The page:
Vim & Vigor - Spring 2014 - Gwinnett Medical Center - (Page 56)

Transforming HealtHcare This minimally invasive technique is an option for people seeking surgical weight loss G winnett Medical Center surgeons have consistently embraced innovations that benefit the patient. Since 2009, GMC-Duluth has been offering minimally invasive robotic surgery as an alternative to open surgery or traditional laparoscopic surgery. Robotic surgery has been proven to minimize scars, pain, recovery time and instances of infection. With the robot, the surgeon's hand movements are translated into smaller, more precise movements by tiny instruments. The surgeon can see inside the body via an enhanced 3-D, high-definition 10x magnification camera, which brings real-time images to a console. This type of minimally invasive surgery has been used for years with procedures such as hysterectomies, prostatectomies, myomectomies, esophageal surgeries and hiatal hernia repairs. Now, robotic surgery is an option for many bariatric patients, too. Bariatric surgery (or weight management surgery) is a group of surgical procedures performed on ONLINE (Robotic) Helping Hand Have Questions About Weight-Loss Surgery? Watch a video online, see if you might be a candidate or register for an in-person seminar. Find these and other resources at people who are morbidly obese, to achieve weight loss and improve health and the overall quality of life of a patient. "Morbid obesity is the second leading cause of preventable death in the United States, and the number of Americans who are obese is increasing," says Robert Richard, MD, medical director of GMC-Duluth's Center for Surgical Weight Management. "Bariatric surgery is the most efficient way to defeat the impact of obesity and the conditions associated with it: diabetes, hypertension, sleep apnea, high cholesterol and other conditions," Dr. Richard says. "Bariatric surgery requires a complete change of lifestyle, but the benefits of the surgery are worth all the work." Bariatric surgery typically reduces the capacity of the stomach by using one of three surgical methods, including gastric bypass. Dr. Richard is now performing some gastric bypass procedures with robotic surgery. Although most bariatric surgeries are minimally invasive, using the robot for gastric bypass takes this one step further. The goal of minimally invasive surgery is to access the surgical site with negligible damage to the skin, muscles and other surrounding tissue, which often means a quicker recovery. Dr. Richard works closely with the patient to determine which procedure is right for him or her, robotic or otherwise. "Morbid obesity is the second leading cause of preventable death in the United States, and the number of Americans who are obese is increasing." -Robert Richard, MD 56 SPRING 2 014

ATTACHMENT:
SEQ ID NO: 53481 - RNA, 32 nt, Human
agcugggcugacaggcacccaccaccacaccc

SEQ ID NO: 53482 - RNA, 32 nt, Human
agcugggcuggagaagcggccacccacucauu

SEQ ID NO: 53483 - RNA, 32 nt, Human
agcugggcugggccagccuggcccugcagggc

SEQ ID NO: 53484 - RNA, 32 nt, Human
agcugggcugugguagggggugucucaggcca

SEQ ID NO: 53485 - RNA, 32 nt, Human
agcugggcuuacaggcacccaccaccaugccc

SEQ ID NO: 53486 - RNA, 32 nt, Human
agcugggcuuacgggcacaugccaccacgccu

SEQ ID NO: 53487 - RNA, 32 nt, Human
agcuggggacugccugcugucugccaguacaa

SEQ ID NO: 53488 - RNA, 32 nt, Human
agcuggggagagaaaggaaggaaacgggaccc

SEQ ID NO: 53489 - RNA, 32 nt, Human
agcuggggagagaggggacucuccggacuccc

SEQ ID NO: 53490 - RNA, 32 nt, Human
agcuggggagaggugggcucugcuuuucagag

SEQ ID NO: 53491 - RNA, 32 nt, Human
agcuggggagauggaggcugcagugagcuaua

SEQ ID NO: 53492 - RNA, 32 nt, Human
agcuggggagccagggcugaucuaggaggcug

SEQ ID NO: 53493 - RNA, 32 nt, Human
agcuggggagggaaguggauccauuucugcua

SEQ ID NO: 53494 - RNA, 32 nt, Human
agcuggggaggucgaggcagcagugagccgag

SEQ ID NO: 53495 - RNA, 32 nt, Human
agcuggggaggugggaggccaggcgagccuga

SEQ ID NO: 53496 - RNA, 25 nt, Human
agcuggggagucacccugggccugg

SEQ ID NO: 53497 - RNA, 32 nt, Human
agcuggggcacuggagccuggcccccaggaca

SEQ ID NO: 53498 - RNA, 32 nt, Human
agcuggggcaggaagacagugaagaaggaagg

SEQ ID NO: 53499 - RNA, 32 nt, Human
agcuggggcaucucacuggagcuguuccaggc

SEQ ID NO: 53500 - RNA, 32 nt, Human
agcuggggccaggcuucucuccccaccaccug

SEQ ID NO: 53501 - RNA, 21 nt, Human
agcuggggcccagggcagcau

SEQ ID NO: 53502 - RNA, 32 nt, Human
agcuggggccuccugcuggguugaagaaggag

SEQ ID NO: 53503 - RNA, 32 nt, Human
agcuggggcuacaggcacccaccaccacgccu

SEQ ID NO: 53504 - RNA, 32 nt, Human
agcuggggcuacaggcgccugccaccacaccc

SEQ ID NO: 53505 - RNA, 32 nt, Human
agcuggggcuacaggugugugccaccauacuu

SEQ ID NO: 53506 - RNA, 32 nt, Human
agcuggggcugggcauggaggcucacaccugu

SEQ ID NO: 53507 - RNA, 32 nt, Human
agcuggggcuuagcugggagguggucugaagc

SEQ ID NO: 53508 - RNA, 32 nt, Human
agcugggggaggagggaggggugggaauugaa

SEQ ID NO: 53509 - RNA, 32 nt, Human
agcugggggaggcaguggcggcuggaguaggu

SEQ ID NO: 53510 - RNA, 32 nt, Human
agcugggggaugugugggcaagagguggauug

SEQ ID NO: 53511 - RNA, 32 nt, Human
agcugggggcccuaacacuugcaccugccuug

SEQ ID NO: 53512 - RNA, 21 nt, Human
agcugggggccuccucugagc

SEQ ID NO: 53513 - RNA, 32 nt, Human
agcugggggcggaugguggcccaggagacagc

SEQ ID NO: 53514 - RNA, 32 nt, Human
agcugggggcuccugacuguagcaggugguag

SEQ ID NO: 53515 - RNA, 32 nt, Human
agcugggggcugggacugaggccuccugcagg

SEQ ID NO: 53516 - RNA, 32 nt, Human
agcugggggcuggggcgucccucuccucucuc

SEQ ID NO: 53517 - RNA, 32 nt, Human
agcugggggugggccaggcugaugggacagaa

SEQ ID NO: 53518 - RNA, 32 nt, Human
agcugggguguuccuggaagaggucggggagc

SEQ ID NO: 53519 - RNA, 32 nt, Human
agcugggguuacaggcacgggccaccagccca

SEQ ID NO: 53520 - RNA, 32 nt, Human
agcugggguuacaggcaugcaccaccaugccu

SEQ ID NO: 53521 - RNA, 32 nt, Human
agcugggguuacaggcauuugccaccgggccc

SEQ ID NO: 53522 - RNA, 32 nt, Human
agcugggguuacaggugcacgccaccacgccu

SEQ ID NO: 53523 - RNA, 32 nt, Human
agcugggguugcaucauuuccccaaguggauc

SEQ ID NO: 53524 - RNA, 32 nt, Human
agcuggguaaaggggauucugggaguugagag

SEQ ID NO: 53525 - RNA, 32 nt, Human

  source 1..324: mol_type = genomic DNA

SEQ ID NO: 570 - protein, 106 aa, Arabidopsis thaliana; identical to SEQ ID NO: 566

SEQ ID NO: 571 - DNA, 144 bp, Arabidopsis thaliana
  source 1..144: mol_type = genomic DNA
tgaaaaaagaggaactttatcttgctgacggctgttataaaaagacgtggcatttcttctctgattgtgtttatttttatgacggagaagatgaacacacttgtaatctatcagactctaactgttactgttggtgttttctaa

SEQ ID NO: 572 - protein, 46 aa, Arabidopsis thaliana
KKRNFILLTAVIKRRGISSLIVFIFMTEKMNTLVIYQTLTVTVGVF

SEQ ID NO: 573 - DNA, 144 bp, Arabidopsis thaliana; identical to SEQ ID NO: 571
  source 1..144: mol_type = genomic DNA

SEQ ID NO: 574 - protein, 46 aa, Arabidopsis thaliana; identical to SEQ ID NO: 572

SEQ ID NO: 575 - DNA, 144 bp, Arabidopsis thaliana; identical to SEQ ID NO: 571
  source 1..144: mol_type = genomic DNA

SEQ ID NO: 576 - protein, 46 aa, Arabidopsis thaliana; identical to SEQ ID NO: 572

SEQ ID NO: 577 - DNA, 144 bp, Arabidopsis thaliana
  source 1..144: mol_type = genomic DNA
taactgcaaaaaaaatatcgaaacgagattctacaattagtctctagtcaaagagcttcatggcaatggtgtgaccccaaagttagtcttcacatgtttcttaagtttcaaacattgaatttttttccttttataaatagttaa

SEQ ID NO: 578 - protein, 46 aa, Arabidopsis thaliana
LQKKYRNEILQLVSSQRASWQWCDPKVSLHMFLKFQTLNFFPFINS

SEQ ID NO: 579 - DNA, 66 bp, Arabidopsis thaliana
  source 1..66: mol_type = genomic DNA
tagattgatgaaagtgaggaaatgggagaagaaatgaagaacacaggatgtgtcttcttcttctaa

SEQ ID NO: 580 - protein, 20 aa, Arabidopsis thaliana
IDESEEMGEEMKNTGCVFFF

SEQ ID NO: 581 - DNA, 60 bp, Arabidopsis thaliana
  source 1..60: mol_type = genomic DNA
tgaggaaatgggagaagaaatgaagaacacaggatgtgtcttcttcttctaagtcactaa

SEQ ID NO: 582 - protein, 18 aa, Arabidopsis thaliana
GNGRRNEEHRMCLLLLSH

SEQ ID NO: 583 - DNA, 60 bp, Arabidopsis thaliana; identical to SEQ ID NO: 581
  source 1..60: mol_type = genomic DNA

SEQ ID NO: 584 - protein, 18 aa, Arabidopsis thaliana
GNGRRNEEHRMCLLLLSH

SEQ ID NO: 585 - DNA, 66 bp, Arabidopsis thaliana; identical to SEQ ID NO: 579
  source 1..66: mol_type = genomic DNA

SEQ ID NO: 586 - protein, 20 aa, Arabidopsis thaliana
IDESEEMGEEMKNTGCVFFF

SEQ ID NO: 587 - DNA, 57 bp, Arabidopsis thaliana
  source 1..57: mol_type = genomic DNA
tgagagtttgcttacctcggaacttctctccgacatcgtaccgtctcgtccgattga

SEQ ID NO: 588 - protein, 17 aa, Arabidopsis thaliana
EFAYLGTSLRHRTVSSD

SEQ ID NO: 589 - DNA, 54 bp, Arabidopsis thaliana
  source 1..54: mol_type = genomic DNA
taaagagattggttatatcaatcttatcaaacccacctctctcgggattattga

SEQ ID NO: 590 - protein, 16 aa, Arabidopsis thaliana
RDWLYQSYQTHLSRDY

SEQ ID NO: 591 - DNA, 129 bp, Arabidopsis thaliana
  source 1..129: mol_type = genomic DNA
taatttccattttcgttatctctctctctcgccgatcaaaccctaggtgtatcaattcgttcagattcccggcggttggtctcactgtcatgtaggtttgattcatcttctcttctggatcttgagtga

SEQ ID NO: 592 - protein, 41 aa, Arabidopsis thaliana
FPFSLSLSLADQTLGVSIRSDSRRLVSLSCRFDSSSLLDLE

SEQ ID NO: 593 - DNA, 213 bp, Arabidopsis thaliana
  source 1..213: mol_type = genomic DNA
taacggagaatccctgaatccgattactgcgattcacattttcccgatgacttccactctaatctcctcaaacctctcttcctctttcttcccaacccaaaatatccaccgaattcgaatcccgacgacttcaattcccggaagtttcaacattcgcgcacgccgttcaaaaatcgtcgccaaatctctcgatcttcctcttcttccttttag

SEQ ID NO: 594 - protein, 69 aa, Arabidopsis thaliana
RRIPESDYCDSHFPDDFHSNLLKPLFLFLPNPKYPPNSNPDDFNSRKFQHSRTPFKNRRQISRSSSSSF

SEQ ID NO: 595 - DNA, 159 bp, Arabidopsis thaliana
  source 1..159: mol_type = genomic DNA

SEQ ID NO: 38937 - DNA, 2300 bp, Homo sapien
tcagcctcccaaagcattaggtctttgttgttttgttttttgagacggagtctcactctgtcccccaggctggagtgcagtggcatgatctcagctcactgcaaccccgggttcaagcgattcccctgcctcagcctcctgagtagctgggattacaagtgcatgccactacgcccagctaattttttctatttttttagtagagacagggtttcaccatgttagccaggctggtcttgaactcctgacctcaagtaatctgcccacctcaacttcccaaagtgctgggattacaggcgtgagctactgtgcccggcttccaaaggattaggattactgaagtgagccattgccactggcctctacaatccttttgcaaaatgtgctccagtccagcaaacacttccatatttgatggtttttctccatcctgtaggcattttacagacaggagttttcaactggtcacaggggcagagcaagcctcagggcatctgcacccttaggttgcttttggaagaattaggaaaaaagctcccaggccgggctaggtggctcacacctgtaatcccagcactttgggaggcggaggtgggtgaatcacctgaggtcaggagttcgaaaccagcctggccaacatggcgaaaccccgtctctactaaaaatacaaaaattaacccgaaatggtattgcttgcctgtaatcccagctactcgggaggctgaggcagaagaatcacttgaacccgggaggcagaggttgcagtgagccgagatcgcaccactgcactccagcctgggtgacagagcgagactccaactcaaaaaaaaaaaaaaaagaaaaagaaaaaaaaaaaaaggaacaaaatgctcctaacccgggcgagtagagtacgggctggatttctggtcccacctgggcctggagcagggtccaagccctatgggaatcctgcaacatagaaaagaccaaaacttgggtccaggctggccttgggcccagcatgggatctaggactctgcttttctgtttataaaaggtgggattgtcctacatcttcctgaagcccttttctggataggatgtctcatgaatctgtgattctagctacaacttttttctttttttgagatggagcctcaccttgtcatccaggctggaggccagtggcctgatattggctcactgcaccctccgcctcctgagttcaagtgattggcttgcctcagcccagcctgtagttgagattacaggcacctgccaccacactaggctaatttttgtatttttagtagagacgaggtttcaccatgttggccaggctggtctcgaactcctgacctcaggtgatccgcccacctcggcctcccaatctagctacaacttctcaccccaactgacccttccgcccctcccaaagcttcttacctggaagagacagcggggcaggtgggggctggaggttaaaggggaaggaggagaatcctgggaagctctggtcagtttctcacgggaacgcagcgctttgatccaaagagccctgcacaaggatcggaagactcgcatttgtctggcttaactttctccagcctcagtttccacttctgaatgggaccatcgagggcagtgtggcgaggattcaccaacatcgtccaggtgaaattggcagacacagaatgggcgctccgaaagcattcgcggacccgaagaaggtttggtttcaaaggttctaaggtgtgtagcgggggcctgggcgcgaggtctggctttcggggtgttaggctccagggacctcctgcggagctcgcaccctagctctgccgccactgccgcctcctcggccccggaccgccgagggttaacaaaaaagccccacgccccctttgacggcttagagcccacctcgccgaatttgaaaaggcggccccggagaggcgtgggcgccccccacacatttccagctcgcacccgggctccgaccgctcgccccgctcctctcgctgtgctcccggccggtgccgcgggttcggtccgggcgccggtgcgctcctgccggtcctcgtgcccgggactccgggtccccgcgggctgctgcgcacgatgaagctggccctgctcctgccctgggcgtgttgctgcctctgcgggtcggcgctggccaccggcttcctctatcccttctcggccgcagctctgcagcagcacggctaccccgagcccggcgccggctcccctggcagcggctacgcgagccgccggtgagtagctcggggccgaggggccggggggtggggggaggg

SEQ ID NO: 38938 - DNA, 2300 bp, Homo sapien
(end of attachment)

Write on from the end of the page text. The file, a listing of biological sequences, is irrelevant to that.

Table of Contents for the Digital Edition of Vim & Vigor - Spring 2014 - Gwinnett Medical Center

Vim & Vigor - Spring 2014 - Gwinnett Medical Center
Phil’s Feature
Staying Ahead of Concussions
The Recovery Zone
Occupational Hazards
The New Rules of Play
Shopping for Two
Back to Basics
Burn, Baby, Burn
Angelina Jolie
Rock Your Health
Breaking Up with Salt
Disgusting! (or Not?)
Virtual Health
PrimeTime Health
Ready, Set, Run!
You Can Change the World
Out of the White Coat
Transforming Healthcare

Vim & Vigor - Spring 2014 - Gwinnett Medical Center